Even so, some of the fights are really difficult. But I never felt like they were impossible. So long as you remember to use healing potions and bonus items from your inventory when needed, you should be able to pull it out, just like in pen and paper role-playing.

The story for Avadon 2: The Corruption is quite good. While I enjoyed the plot of the first game, the whole prospect of working for the most powerful organization in the world at the height of their power was a little off-putting. It kind of felt like no matter what, the hypothetical good guys would triumph even if you failed in your questing. But with Avadon 2, things have changed. The Black Fortress was badly damaged in an attack and even the nations of The Pact have fallen into petty squabbling. That leaves a huge opening for all of your enemies outside the protected lands, and entire armies march against you. Now it feels like whatever you do really can change the world, and that’s much more epic than before. On top of that, all that "my way or death" posturing from Avadon is seen to really be working against them out in the real world. Even your character can turn against them if you want. What is more important to you, safety or freedom? It’s an ancient question that is just as relevant today in some respects. And one your character will need to answer as you play.

Depending on what you do and how you do it, there are multiple endings possible, another sign that your actions can actually change the world this time out. It’s pretty crazy out there, but a smart player can make the most of it, and make the world a better or worse place depending on their point of view.


There are five character classes. They have fancy names but basically boil down to a warrior, thief, cleric, magic-user and the aforementioned tinkermage, which I found to be the most interesting. You can be a male or female now, but there is no visual customization of your character beyond that.

Leveling up is fairly advanced. You can stack skill points into well-used skills to make yourself a terror with a sword or a bow at the expense of most everything else, or spread your points out so that you are a little bit capable with everything. Each class has their own unique abilities, and buying lower skills unlocks higher ones, though in some cases, stacking points into some lower skills seems more helpful than investing in higher ones. But the choice of what to concentrate on is yours, which is nice.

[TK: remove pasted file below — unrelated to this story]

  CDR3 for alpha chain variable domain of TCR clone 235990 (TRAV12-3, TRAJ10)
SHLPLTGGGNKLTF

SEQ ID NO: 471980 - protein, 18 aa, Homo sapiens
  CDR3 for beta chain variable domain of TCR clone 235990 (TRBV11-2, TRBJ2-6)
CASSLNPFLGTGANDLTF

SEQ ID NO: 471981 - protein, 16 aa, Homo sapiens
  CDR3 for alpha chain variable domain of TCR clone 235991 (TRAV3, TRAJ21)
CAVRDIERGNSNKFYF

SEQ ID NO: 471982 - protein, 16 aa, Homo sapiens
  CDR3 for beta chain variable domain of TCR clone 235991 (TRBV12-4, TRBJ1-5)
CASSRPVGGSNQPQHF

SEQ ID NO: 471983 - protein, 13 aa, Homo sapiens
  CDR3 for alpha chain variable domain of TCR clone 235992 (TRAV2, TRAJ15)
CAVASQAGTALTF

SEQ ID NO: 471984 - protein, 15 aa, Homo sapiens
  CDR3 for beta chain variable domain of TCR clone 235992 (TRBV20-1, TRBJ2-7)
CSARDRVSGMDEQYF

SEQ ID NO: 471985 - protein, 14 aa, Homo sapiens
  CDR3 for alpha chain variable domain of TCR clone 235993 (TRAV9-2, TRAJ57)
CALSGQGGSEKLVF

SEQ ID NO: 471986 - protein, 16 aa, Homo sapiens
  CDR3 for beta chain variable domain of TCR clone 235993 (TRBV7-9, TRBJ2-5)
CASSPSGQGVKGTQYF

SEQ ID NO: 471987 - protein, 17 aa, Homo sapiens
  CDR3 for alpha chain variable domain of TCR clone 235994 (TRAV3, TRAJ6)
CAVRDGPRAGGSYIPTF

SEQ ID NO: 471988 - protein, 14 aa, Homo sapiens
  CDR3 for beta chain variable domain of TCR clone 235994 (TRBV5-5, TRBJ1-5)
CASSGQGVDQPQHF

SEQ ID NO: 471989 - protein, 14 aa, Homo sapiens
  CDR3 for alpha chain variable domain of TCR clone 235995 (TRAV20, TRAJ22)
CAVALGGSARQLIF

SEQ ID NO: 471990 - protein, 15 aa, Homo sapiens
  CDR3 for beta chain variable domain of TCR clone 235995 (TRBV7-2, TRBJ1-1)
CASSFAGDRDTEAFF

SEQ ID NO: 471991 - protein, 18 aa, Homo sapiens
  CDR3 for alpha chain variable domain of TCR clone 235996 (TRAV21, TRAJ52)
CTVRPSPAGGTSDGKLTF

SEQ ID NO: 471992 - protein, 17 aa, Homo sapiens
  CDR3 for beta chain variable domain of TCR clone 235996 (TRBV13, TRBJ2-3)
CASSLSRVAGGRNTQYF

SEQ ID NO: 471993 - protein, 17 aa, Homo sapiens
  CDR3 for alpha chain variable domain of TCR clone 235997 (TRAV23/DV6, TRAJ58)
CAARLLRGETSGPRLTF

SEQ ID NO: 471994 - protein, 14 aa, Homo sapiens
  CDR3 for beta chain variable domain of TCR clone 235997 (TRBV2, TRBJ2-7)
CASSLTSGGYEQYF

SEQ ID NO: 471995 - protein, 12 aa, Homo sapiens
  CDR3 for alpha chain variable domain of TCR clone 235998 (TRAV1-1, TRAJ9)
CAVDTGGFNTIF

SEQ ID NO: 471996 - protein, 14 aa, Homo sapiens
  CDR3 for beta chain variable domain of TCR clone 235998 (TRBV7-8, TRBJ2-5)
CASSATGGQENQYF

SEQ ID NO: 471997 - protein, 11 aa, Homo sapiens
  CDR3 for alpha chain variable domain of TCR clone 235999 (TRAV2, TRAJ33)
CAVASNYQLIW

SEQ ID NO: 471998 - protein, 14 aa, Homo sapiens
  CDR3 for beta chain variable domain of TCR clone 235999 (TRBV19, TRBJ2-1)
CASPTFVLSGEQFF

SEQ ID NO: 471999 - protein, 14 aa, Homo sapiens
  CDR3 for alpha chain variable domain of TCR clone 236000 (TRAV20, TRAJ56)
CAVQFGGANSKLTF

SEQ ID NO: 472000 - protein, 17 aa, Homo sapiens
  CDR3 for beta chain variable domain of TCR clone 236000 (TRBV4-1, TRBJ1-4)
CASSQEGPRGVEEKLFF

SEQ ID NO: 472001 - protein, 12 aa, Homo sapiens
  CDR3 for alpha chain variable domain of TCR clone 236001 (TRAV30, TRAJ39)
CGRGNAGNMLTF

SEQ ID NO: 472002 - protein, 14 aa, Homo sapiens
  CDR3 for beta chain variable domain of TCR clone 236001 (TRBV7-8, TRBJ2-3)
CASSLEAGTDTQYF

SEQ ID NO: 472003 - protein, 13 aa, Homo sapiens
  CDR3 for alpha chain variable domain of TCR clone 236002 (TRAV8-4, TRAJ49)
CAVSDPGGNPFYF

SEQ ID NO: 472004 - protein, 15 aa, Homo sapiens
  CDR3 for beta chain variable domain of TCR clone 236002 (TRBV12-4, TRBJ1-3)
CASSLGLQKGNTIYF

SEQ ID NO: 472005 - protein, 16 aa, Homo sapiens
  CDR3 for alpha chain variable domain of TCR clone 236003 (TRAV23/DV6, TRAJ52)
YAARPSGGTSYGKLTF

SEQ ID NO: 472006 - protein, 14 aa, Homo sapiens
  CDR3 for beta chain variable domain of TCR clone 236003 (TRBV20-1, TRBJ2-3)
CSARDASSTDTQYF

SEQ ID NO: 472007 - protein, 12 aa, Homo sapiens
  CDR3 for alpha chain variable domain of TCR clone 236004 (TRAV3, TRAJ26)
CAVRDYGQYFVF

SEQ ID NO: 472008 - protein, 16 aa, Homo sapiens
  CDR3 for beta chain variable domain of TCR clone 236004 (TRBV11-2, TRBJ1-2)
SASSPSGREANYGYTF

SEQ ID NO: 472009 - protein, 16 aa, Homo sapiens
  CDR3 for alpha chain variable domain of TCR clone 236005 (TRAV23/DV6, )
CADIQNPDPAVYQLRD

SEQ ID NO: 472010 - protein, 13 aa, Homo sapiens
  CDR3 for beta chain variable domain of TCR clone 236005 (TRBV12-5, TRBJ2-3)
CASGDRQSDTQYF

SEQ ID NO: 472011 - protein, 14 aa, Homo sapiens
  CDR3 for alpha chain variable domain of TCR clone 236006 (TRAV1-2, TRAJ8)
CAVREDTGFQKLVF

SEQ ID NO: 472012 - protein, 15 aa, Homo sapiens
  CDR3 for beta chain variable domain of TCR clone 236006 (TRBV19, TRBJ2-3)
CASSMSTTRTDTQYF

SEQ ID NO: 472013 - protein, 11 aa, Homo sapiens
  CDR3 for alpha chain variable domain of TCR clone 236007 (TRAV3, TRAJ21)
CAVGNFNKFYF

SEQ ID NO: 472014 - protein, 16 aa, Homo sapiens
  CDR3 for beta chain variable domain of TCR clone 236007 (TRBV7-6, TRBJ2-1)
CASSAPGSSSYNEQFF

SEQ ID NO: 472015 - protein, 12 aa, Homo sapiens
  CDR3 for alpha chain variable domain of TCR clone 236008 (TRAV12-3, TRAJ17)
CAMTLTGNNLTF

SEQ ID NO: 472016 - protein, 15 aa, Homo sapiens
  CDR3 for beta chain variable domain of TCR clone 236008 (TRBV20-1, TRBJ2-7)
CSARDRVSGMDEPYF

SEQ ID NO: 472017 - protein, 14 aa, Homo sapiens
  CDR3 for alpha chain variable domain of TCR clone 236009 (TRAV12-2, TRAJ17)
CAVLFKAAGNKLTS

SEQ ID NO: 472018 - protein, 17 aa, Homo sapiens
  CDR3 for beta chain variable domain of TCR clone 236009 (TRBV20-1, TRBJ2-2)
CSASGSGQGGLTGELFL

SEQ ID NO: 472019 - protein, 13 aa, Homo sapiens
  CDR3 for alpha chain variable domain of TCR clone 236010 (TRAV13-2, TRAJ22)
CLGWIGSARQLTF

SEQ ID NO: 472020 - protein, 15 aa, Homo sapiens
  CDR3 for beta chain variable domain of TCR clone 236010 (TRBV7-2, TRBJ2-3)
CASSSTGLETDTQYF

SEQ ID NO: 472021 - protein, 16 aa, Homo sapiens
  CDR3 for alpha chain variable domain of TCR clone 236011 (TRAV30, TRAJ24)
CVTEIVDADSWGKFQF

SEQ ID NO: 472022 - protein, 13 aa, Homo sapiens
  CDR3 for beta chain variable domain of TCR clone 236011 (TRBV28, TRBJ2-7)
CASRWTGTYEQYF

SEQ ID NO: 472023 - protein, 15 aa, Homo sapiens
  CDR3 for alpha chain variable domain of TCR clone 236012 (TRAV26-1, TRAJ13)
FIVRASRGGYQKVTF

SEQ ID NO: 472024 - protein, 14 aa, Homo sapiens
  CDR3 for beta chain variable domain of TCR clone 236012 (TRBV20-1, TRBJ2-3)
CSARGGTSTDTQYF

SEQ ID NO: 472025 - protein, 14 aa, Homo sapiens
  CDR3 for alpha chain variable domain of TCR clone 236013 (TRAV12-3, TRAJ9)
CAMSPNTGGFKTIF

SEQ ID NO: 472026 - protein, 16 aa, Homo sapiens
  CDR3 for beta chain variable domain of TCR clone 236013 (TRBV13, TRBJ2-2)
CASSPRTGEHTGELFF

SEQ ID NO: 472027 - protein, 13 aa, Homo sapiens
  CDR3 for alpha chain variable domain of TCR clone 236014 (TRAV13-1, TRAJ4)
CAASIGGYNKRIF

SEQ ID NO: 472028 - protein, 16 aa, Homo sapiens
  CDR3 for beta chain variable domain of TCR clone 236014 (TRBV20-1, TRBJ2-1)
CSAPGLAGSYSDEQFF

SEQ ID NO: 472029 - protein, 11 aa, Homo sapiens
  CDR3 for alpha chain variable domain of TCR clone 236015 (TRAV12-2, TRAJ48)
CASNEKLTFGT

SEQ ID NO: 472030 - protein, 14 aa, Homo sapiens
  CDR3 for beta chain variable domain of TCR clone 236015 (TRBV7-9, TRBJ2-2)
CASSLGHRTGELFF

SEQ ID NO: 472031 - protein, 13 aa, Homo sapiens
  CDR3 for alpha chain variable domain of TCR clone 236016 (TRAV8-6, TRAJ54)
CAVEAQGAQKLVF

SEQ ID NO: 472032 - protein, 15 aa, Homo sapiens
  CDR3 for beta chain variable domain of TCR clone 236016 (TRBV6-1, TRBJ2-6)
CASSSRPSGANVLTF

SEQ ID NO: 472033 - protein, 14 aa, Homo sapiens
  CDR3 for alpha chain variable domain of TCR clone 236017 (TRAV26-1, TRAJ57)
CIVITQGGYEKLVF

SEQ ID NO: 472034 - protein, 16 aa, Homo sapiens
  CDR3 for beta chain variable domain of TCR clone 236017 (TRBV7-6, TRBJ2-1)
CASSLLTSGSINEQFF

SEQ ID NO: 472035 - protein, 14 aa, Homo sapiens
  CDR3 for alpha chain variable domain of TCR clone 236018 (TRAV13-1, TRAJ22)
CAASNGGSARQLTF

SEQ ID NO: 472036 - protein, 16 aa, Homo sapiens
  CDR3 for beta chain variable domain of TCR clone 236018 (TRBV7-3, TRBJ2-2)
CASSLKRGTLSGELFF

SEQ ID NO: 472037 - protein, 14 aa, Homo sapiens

Graphically, you probably won’t accuse Avadon 2 of being eye candy. These are old school graphics to be sure. Even updating your paper doll with new gear does not update your character’s look on the main map. On the plus side, the world has its own flavor, with each region looking really good and unique. Plus, because you can set the resolution to almost anything, the game should run fine even on lower-end hardware. The minimum specs for a PC is just an 800MHz processor and a graphics card with OpenGL support, so it should run well almost anywhere.

The sound also is a bit of a mix. I know some people hate to read when playing games, and they will be out of luck here. There are no spoken voices. You have to read a lot. Personally, I don’t mind. I think this gives the story much more depth because the writers can craft a tale that is not unlike a novel and not have to worry about having someone read all that dialog or a wildly inappropriate voice ruining the mood. There are sounds in the game however. The biggest one you will likely notice is the background effects, which I thought were good for the different environments.

As a whole, Avadon 2: The Corruption offers a great value for those who enjoy an old-school style RPG. To tell you the truth, I ended up playing this game for eight hours straight on my first play. For someone like me who enjoys a deep story, lots of exploration possibilities, tough but fair fights and more than a dab of humor, this is a great game. If you have similar tastes, then why not give it a try? At the price it’s being offered, there is not much to lose, and quite a lot to gain. If you are still not convinced, you can download a free demo from Spiderweb’s main pages and give the world a try for yourself. I warn you though, once you get a taste, you will want more.

Avadon 2: The Corruption earns 4 and 1/2 GiN Gems, beating its predecessor and offering a great world to explore and conquer.